Sometimes the problems are so overwhelming that Robert Cordero steps away from his children for a few minutes to pull himself together.
While two sons and three daughters play in a cluttered Cherry Hill, N.J., motel room, he turns up the radio, closes the bathroom door, and cries.
“I can’t let them see me that way. … Who will they look up to?” said the 40-year-old single father. “I have to go back and try to raise five kids.”
Cordero’s family has lived at the Hillside Inn for more than five months, along with a couple dozen other homeless people surviving on public assistance.
He and his children — ages 8 to 16 — moved there after Cordero lost his home-remodeling job and they were evicted from a Woodlynne, N.J., apartment.
The Hillside guests are among untold thousands nationwide who have been laid off during the economic downturn, then forced from houses and apartments to motels, officials said.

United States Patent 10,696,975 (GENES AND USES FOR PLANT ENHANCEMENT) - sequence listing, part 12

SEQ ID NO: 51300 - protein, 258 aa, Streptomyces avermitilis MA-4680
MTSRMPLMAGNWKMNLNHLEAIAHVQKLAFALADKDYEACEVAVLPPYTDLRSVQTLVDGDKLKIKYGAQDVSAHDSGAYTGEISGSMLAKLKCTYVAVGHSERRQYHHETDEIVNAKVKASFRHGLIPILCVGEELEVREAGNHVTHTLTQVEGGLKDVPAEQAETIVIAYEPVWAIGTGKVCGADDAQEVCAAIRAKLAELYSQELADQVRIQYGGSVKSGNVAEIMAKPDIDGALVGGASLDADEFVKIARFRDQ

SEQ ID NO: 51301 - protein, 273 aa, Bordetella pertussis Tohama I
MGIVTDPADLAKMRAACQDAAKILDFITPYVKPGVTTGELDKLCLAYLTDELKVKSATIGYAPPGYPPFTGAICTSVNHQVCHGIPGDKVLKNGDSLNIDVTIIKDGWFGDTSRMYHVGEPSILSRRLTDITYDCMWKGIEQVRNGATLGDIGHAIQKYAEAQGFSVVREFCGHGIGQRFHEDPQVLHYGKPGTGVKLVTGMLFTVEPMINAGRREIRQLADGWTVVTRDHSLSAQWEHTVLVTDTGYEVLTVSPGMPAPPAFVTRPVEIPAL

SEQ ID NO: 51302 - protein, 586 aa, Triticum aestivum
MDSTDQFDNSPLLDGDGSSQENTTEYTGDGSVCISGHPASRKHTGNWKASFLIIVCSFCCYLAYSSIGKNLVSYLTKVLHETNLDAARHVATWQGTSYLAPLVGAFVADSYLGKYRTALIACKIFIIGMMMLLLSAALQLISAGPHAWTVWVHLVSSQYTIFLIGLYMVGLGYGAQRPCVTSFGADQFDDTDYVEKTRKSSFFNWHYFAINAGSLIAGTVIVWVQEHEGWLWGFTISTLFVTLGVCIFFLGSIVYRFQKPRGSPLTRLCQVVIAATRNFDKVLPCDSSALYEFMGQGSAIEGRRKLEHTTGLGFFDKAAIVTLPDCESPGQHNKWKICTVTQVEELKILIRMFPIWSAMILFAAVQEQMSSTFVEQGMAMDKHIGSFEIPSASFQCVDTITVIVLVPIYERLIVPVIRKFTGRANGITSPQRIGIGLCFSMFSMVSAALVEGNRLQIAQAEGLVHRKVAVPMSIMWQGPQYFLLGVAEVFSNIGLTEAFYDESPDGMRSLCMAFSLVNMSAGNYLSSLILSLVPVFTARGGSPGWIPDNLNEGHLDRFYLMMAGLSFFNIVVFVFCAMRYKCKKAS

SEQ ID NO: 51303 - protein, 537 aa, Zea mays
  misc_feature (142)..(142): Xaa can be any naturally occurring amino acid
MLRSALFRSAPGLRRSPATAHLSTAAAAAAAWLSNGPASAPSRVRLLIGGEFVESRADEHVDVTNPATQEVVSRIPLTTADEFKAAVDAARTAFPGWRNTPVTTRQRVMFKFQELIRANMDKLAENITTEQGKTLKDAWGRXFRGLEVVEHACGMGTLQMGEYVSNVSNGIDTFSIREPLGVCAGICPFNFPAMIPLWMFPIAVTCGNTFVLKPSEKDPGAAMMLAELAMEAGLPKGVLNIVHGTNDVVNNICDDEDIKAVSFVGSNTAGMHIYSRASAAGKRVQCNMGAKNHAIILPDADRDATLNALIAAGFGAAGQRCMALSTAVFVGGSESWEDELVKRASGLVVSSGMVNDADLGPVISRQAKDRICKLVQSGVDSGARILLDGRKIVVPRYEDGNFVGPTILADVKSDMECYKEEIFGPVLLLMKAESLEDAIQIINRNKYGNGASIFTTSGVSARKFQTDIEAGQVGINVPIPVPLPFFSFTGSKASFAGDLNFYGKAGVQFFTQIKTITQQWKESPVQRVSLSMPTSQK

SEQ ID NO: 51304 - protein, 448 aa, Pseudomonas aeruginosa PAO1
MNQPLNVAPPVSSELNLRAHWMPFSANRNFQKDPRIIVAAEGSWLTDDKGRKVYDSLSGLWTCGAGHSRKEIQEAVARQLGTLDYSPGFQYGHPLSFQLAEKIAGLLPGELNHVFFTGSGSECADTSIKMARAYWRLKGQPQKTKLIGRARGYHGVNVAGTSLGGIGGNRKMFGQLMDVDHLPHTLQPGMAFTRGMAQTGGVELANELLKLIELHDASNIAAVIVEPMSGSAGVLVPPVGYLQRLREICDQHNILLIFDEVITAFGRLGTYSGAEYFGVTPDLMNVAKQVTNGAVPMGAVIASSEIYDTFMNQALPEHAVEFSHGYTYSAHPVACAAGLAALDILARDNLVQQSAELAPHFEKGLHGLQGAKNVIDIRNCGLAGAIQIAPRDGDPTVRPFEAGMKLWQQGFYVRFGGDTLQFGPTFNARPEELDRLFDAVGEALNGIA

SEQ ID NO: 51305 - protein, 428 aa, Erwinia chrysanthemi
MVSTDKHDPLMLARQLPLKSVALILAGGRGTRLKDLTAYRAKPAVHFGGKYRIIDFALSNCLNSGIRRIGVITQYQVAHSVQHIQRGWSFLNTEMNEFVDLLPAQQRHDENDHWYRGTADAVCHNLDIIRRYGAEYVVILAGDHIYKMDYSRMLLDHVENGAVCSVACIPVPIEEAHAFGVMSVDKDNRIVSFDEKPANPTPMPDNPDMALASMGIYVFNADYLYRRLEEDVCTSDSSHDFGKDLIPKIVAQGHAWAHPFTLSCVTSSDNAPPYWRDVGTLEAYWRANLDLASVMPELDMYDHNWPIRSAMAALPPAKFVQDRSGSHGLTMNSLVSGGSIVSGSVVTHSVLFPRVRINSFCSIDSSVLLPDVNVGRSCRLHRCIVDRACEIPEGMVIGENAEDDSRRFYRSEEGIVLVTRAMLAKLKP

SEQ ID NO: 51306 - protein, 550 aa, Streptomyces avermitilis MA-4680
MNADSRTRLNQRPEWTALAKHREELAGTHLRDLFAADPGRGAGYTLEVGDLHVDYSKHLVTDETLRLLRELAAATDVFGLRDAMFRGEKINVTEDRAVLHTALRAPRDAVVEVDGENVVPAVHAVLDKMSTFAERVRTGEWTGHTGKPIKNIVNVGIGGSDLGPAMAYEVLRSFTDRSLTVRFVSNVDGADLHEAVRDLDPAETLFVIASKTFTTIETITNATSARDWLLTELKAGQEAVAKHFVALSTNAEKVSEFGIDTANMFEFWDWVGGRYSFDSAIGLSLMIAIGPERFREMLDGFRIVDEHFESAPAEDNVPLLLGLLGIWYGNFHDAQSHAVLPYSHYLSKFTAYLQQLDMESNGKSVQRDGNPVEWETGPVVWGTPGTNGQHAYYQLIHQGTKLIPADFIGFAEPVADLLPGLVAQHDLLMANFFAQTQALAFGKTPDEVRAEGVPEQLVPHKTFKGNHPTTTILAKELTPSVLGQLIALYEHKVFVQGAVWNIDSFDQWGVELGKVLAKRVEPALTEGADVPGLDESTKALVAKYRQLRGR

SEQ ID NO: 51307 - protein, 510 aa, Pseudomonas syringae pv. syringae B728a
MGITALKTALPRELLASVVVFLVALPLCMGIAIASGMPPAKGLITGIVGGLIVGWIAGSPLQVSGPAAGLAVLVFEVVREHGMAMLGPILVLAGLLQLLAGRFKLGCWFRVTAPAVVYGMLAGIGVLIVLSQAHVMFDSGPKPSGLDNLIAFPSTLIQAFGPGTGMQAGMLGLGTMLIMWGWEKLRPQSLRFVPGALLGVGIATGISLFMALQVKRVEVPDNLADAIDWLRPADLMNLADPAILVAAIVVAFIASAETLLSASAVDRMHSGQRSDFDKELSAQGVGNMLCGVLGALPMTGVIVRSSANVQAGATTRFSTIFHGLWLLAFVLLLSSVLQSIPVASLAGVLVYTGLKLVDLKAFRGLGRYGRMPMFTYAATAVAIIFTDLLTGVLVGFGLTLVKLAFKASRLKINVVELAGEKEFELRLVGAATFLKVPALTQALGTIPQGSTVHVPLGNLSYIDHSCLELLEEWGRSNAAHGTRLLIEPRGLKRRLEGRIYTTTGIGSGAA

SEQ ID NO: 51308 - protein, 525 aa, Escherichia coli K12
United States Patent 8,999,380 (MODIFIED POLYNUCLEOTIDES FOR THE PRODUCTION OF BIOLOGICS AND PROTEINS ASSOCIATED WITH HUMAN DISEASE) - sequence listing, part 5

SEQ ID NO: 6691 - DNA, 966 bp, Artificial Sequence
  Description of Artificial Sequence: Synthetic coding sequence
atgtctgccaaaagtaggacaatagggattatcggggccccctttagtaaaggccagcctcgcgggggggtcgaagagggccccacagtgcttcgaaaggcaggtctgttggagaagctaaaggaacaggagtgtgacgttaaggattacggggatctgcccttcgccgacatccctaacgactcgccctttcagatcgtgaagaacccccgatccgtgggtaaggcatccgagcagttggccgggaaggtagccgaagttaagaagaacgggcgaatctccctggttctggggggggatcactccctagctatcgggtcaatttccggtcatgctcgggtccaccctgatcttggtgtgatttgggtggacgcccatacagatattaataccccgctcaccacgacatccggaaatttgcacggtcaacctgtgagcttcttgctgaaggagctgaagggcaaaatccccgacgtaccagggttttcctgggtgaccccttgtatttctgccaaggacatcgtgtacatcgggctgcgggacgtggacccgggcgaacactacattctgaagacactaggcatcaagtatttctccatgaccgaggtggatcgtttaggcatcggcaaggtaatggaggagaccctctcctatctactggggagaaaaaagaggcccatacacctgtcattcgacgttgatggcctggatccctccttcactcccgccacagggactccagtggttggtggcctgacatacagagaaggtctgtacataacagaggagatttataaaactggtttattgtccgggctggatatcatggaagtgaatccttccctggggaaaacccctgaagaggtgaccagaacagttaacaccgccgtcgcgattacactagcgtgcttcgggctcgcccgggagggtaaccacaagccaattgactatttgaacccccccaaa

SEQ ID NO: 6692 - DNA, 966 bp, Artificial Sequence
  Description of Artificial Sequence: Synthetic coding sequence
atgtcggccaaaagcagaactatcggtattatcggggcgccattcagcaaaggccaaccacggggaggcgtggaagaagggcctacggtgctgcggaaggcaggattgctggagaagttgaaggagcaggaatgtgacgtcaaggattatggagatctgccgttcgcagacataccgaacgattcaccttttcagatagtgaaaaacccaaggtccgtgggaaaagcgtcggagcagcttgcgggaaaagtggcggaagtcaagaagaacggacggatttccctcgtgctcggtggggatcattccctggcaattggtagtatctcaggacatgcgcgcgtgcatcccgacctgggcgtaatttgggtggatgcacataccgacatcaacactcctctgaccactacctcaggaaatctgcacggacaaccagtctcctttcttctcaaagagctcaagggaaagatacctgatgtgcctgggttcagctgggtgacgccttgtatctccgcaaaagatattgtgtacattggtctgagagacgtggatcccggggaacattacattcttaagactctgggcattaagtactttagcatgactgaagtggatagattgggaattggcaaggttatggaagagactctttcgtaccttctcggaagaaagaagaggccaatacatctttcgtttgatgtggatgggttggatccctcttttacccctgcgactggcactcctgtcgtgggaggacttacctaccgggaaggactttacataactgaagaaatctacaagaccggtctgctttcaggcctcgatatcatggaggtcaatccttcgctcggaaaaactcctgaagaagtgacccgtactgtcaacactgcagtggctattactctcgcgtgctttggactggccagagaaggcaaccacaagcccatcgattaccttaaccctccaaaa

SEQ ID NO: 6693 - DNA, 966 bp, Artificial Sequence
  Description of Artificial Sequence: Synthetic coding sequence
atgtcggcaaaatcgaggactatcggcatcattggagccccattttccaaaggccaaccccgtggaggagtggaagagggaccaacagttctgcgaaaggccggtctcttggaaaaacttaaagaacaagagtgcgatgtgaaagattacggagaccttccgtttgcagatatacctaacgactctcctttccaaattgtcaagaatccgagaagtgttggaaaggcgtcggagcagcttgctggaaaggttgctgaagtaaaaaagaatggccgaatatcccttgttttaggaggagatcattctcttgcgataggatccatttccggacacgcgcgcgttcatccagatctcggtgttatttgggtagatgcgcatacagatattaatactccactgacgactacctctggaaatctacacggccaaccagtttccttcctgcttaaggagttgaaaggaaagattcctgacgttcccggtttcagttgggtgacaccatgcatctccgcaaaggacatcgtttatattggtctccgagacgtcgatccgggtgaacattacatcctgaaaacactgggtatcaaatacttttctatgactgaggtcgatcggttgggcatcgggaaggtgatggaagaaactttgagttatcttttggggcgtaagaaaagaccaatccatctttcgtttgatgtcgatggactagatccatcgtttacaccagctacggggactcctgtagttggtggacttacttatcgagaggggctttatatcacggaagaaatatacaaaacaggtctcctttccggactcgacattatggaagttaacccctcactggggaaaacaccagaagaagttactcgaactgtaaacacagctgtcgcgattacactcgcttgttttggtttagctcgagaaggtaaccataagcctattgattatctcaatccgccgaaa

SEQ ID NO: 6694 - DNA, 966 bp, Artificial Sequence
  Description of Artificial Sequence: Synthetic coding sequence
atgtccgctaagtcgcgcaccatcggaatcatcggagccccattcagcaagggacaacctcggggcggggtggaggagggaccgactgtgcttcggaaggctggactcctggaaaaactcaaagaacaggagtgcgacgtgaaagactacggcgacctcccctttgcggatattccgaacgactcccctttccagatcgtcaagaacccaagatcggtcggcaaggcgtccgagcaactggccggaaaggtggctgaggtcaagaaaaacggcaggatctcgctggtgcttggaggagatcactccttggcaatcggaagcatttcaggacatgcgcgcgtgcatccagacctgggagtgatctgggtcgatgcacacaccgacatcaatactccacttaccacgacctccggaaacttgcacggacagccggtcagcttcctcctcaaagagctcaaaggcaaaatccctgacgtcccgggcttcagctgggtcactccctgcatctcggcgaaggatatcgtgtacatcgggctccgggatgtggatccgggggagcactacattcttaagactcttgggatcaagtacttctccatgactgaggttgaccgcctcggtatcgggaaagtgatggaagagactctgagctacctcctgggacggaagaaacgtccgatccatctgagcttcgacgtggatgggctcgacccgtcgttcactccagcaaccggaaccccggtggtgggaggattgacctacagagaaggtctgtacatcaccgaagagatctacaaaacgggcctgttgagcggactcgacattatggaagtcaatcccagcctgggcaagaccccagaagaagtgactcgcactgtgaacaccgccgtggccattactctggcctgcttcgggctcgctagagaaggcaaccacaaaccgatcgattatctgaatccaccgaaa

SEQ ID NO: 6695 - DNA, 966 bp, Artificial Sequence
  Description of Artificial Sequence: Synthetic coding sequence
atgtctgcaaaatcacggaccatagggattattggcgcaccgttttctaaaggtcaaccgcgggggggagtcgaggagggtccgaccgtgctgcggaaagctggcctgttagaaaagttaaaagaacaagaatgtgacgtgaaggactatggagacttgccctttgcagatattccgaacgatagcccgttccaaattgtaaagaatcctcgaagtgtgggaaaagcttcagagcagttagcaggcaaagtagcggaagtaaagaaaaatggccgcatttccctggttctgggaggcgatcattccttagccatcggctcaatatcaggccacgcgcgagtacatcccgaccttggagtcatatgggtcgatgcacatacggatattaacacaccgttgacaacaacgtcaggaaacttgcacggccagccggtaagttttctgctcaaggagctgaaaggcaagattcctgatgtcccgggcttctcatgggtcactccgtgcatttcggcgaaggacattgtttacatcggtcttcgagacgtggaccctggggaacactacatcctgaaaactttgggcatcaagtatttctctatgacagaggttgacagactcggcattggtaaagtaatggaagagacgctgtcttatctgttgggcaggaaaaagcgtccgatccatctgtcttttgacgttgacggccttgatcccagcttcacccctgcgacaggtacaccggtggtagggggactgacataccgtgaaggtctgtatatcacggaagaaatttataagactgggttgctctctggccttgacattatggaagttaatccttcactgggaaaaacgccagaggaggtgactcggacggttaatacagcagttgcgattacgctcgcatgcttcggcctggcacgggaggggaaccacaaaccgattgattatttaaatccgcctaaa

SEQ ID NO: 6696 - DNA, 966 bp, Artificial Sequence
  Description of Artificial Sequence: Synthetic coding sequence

Unseen by motorists speeding by on Route 38, the men, women and children live in single rooms at the motel, where beds double as dinner tables, and folded clothes, food and toys are stacked high along the walls.
They’re trying to hold families together while looking for work — “on or off the books” — and getting by on welfare, food stamps, housing assistance and Medicaid.
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